Visibility was bad and a little unnerving at times out the back, so very slow turns and long time signalling is how I managed. Also the nose is a bit long, so if you're new to driving in Cambodia, be aware you can clip all kinds of things when making sharp turns in town. The front bumper cover ended up needing a respray after a few months of use from my nephew.

Power wise, there is plenty. It's not fast at all, but power delivery is very smooth. Just the thing you want in Cambodia honestly.


Practicality? No breakdowns & 17 mpg (US) over 7 months.

As with virtually any car here, premium fuel is required to avoid pinking the motor. My nephew seems to average 7 km/l, or 17 mpg (US), 13.83 L per 100 or 20.5 mpg UK. I personally didn't check. As for the 2,500 miles covered in the car, it's had no breakdowns and only minor "glitches" such as the A/C fan not working on a one of it's speeds. No surprise.

Also for repairs as mentioned, parts are everywhere for the engine and transmission, being the 1.8 litre motor is from the standard US Corolla.

Seating has enough for 4, or 8, depending on your nationality. There are 4 seatbelts however.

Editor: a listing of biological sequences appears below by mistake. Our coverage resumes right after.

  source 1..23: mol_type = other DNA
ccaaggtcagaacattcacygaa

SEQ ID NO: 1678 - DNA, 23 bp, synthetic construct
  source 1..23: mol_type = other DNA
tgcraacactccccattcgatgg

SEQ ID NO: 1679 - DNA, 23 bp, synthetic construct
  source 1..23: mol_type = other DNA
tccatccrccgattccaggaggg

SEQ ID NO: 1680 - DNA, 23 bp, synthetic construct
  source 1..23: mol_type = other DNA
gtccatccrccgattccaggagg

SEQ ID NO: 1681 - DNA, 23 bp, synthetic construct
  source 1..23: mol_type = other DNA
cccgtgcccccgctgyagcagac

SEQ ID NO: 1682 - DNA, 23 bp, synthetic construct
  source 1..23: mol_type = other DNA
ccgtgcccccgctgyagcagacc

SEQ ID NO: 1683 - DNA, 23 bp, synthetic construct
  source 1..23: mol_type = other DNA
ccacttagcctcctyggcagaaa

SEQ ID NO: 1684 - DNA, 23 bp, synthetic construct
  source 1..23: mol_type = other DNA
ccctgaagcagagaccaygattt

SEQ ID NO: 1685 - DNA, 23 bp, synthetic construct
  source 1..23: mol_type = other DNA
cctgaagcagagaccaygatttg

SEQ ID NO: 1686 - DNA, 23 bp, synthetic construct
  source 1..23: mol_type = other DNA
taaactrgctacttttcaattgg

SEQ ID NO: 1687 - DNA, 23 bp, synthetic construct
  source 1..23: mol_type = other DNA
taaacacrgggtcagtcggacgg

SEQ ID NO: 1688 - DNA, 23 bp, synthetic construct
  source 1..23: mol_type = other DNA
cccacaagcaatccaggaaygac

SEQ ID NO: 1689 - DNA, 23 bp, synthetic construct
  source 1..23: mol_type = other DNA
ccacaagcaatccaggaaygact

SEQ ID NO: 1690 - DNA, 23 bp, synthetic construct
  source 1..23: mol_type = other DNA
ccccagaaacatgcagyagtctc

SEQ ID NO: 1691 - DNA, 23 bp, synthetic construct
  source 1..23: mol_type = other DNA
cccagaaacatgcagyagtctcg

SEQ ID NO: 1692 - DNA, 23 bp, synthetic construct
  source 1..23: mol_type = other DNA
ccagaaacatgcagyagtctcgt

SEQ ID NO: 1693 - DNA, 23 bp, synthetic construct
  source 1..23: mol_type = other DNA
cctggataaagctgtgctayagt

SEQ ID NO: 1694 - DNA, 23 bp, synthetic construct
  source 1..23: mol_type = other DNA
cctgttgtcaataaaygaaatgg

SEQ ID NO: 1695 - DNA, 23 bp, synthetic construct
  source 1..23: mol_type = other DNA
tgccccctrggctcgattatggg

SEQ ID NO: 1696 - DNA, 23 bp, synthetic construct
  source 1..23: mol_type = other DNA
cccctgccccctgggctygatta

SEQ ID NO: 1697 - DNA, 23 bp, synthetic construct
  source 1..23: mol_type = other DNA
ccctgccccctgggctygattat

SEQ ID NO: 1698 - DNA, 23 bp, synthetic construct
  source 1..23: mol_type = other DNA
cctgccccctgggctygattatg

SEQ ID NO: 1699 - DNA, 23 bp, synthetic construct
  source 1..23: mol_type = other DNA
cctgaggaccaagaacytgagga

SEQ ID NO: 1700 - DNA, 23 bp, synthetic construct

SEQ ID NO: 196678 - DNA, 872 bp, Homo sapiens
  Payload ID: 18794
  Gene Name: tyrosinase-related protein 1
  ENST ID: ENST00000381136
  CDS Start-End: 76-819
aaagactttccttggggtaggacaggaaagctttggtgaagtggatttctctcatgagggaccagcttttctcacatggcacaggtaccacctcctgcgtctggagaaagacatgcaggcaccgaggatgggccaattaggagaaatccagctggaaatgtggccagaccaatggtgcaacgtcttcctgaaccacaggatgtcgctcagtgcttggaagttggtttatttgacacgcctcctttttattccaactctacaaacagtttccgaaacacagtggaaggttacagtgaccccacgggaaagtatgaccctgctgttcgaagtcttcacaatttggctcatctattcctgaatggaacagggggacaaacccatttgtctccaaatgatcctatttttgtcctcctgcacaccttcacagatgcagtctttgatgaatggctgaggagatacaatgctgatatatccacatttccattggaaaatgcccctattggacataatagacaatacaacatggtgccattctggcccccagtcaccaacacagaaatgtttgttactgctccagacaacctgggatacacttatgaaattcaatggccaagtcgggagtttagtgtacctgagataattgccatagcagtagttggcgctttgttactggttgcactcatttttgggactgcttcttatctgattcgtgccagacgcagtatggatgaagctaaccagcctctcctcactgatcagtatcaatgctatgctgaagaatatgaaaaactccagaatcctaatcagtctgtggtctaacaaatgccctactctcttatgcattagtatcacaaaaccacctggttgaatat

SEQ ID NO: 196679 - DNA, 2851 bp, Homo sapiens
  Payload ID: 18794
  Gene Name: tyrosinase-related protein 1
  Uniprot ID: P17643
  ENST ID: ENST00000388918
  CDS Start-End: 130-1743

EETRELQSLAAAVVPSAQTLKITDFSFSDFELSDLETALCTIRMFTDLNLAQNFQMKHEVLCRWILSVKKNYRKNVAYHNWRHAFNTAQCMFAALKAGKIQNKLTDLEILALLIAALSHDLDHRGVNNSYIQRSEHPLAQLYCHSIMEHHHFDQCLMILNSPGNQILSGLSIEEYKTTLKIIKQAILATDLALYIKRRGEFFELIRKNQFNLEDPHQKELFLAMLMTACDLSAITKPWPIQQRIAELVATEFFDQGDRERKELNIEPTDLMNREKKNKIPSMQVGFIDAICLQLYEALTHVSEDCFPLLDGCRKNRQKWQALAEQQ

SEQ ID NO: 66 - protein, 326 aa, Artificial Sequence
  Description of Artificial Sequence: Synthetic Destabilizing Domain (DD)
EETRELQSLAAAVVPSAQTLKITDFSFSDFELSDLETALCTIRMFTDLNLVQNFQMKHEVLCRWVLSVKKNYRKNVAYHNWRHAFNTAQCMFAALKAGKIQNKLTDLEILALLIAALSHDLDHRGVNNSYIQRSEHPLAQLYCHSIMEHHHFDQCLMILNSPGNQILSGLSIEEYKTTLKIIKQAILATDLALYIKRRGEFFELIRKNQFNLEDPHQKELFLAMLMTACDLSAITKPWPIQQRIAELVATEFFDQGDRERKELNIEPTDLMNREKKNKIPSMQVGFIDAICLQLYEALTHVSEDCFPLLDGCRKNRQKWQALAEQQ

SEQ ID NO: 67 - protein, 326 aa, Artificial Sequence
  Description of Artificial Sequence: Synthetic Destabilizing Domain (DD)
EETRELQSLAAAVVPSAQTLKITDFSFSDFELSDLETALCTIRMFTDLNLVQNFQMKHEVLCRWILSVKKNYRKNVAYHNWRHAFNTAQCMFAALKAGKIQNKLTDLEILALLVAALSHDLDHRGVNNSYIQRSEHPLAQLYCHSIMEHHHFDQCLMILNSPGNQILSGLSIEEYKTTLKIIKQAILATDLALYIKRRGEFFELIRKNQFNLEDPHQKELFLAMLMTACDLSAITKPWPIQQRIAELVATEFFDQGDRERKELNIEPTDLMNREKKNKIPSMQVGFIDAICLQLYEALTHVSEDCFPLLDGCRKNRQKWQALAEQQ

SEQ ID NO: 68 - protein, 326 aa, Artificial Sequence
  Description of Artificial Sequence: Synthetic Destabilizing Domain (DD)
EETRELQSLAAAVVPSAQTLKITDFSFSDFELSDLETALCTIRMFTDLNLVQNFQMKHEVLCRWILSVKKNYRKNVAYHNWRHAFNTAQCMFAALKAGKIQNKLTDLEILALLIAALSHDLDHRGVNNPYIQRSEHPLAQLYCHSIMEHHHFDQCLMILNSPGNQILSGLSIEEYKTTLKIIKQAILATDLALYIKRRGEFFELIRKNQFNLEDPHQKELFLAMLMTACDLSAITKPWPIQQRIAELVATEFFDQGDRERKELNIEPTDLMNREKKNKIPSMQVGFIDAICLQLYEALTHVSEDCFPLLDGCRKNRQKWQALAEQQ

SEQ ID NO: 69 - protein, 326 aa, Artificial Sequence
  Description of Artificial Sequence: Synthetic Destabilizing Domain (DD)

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Conclusion, final thoughts? It's a reliable car without the vanilla styling, but I'm not a fan.

While I do have a thing for 2 door underpowered Toyotas, I'm no fan of this car. I summarise this car as a long pointy Corolla. Sure it's interesting to look at vs. anything else, but it's anything but interesting to drive. Granted that there are no real "driver's roads in Cambodia, that's not a big deal and in fact it might be a good thing that the Celica is so "soft" to drive, but it's not my thing personally. I'm not into cars that look different, but drive like economy cars, but that's just me.


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However, I do believe that it is by far the best 2 door you can buy in the Kingdom of Wonder, simply because it's a reliable Toyota and you can sell it again when you're ready to move on.


-AE86
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Re: My experience with a Toyota Celica in Cambodia

Postby Username Taken » Thu Apr 13, 2017 10:02 pm

"The Celica is honestly very boring to drive"

That may be true, but it does add an inch or two to your penis size. Or, so I've heard.

I believe one of the former, senior cabal members from tof used to have one (maybe still does).